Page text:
Wine matching: Poulet Vallée d’Auge



Vouvray Perruches

Tour des Verdots Bergerac

Montus Pacherenc 2010

After sketching out portraits of over 30 different French wine regions for my Living France magazine column, we’ve decided to change the format to something new. Now I’ll be matching three different wines to a specific dish instead, with classic recipes provided by food writer Louise Pickford. First one is Poulet Vallée d’Auge, a creamy chicken and apple dish from Normandy.

Serves 4

125 g diced pancetta
60 g butter
4 chicken thigh pieces
1 onion, thinly sliced
2 garlic cloves, crushed
1 tbsp chopped fresh thyme
4 tbsp calvados
500 ml dry cider
100 ml crème fraiche
2 Granny Smith apples, peeled, cored and cut into wedges
2 tbsp chopped fresh parsley
salt and pepper

Heat a flame-proof casserole dish until hot, add the pancetta and fry gently until all the fat is released. Remove with a slotted spoon and set aside. Add 25 g of the butter to the pan and when melted fry chicken pieces for 5 minutes until really golden. Remove with a slotted spoon.

Add a further 25 g of butter to the pan and gently fry the onion, garlic, thyme and some salt and pepper for 10 minutes until the onion is soft and lightly golden. Return the chicken and pancetta to the pan, add the calvados and simmer gently until burnt off. Stir in the cider, bring to the boil, cover and simmer gently for 40 minutes until the chicken is beautifully tender.

Meanwhile, melt the remaining butter in a frying pan and fry the apple slices of a medium heat for 5 minutes until golden. Stir into the casserole with the crème fraiche and heat through for 5 minutes. Season to taste and stir in the parsley.

Three wines to match

Domaine des Perruches Vouvray 2013 (£7.99, Co-op)

When looking for a wine to pair with a specific dish, one handy trick is to think of the region where the recipe originates from and consider the local wines. Normandy is much better known for its cider – which would work brilliantly here. But there are plenty of possible wine options too; but whatever you choose it will need plenty of flavour and intensity to match the dish.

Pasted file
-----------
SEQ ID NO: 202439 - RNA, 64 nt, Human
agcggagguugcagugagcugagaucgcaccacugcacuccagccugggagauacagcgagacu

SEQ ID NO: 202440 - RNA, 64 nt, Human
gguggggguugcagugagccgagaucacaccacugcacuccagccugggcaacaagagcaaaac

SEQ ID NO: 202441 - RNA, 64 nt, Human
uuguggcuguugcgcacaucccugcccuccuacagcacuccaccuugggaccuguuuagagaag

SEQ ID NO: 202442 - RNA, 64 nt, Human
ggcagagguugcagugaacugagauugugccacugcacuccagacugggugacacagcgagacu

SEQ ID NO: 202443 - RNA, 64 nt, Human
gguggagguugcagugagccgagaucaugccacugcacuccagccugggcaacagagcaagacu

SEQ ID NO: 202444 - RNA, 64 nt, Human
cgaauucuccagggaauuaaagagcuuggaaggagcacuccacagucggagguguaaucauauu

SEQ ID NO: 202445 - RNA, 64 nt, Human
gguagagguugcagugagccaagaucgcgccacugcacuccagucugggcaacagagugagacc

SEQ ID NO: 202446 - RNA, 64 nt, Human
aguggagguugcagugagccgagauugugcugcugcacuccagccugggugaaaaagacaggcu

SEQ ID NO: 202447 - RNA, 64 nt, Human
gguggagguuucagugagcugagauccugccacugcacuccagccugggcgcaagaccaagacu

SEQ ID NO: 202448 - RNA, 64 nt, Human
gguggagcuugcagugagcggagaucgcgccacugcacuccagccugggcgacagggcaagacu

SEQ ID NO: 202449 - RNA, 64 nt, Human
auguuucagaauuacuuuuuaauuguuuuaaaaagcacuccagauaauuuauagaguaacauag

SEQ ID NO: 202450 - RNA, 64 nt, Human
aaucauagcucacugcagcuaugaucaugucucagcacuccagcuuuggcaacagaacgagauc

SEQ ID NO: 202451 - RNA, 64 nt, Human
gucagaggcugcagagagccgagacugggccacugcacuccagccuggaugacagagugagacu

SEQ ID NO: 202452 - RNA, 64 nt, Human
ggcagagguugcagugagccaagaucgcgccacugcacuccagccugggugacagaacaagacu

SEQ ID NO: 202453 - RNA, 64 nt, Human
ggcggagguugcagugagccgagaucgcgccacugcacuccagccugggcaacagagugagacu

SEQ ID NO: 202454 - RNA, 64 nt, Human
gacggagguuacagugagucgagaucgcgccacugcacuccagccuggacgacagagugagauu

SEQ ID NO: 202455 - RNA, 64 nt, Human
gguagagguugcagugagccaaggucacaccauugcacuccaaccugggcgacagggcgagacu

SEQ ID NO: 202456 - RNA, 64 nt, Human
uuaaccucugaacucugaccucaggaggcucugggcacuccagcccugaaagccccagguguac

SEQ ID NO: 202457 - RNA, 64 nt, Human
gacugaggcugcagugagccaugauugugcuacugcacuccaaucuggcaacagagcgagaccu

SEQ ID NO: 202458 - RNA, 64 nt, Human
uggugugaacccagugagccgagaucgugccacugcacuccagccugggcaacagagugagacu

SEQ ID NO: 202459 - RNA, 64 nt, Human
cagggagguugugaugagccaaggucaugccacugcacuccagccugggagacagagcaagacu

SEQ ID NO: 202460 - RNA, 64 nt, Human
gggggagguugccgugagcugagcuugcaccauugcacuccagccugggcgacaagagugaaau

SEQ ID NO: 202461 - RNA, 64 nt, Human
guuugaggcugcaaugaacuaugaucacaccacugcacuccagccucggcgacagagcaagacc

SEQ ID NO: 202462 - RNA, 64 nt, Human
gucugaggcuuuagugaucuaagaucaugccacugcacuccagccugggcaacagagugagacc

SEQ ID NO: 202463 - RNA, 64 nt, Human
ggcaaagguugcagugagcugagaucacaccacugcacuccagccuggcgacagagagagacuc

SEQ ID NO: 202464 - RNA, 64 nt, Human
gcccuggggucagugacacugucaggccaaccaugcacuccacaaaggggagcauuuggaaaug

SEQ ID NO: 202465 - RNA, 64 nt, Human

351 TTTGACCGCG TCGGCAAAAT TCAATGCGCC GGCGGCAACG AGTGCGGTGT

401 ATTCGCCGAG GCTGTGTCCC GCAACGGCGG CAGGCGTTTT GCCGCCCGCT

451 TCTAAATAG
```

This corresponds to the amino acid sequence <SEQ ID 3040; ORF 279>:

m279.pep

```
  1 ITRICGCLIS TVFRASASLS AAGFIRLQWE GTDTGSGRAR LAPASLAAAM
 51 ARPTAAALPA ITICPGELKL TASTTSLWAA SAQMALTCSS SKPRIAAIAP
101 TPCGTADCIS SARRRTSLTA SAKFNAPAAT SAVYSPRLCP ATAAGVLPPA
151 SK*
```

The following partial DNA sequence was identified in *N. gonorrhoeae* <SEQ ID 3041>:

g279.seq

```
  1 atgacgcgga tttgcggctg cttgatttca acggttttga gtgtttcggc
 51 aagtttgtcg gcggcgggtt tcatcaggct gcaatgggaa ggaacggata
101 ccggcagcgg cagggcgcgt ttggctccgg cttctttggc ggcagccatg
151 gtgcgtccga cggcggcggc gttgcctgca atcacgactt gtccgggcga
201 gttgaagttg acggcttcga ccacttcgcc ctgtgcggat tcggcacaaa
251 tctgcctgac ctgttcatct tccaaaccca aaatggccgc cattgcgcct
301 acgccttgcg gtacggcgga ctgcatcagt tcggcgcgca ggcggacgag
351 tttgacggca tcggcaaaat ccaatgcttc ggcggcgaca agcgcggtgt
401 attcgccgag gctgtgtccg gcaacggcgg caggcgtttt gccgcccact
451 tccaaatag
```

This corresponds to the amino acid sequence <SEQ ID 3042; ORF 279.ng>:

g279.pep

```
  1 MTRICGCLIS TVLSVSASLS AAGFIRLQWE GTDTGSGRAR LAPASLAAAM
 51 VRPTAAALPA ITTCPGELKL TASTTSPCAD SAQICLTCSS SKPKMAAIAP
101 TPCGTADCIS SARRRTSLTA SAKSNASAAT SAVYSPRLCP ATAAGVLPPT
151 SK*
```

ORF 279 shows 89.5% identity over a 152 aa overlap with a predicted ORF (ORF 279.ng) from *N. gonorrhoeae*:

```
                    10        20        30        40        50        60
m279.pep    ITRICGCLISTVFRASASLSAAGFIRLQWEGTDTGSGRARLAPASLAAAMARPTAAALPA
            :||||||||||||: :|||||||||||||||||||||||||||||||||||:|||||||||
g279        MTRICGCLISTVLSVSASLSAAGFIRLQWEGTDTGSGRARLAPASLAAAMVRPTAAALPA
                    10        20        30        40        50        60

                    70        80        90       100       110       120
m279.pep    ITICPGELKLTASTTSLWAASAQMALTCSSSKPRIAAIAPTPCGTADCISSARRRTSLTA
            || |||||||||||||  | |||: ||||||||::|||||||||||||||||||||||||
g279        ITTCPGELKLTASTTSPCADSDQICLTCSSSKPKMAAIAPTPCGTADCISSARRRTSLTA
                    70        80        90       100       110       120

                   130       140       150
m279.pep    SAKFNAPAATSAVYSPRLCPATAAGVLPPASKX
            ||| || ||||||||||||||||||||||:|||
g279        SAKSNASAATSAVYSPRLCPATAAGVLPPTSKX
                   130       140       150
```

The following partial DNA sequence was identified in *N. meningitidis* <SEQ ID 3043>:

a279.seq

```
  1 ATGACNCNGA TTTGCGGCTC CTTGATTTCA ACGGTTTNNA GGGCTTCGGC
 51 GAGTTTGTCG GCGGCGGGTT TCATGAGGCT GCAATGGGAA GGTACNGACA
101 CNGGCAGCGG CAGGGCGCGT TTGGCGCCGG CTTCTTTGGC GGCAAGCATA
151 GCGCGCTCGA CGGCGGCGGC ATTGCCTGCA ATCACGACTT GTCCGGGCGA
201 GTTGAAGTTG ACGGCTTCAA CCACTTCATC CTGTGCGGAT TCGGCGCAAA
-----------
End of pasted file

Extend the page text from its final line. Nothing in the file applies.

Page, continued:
One option would be something with a touch of sweetness to match the abundance of apples. Vouvray, from near Tours in the Loire Valley would be a great choice. These Chenin Blancs can be anything from bone dry to intensely sweet. Full-bodied and not far from dry, the Domaine des Perruches Vouvray 2013 has plenty of red apple and honey flavour and a dollop of sweetness that is twinned with a crackle of natural acidity that keeps it refreshing. It’s balanced and authentic, with long-lasting flavour, and just 11.5% alcohol.

Les Tours des Verdots Bergerac Blanc 2012 (£14.75, H2Vin)

Bergerac is situated to the east of Bordeaux, and uses similar grape varieties; here a blend of Sémillon, Sauvignon Blanc, Muscadelle and Sauvignon Gris. David Fourtout is the fourth generation of his family to be making wine at Clos des Verdots, and a leading light of the appellation. He practices lutte raisonée viticultural practices to reduce the use of chemical treatments in the vineyard to a minimum.

This is a particularly fine example of white Bergerac with attractive, vivid aromas of preserved lemons and lime skins. It has intense, bright stone fruit and citrus flavours and a long toasty finish.

Château Montus Pacherenc de Vic-Bilh Sec 2010 (£26.50, Hennings Wine Merchants)

South West France is a haven for characterful and peculiar grape varieties. Though some of the wines from this corner of France are almost wilfully odd, some, like Pacherenc de Vic-Bilh, can be totally brilliant. It’s the white wine from the marginally better known region of Madiran, typically made from the potentially excellent Gros Manseng and Petit Manseng grapes, sometimes joined by Petit Courbu and Arrufiac.

Château Montus is one of the greatest estates in South West France; indeed in the whole of France. This, their majestic top white wine, is powerful, long, dry and crisp with flavours of candied citrus peel and grapefruit. Two years in large oak barrels have given the wine added richness that will help it pair brilliantly with this dish.


First published in Living France magazine.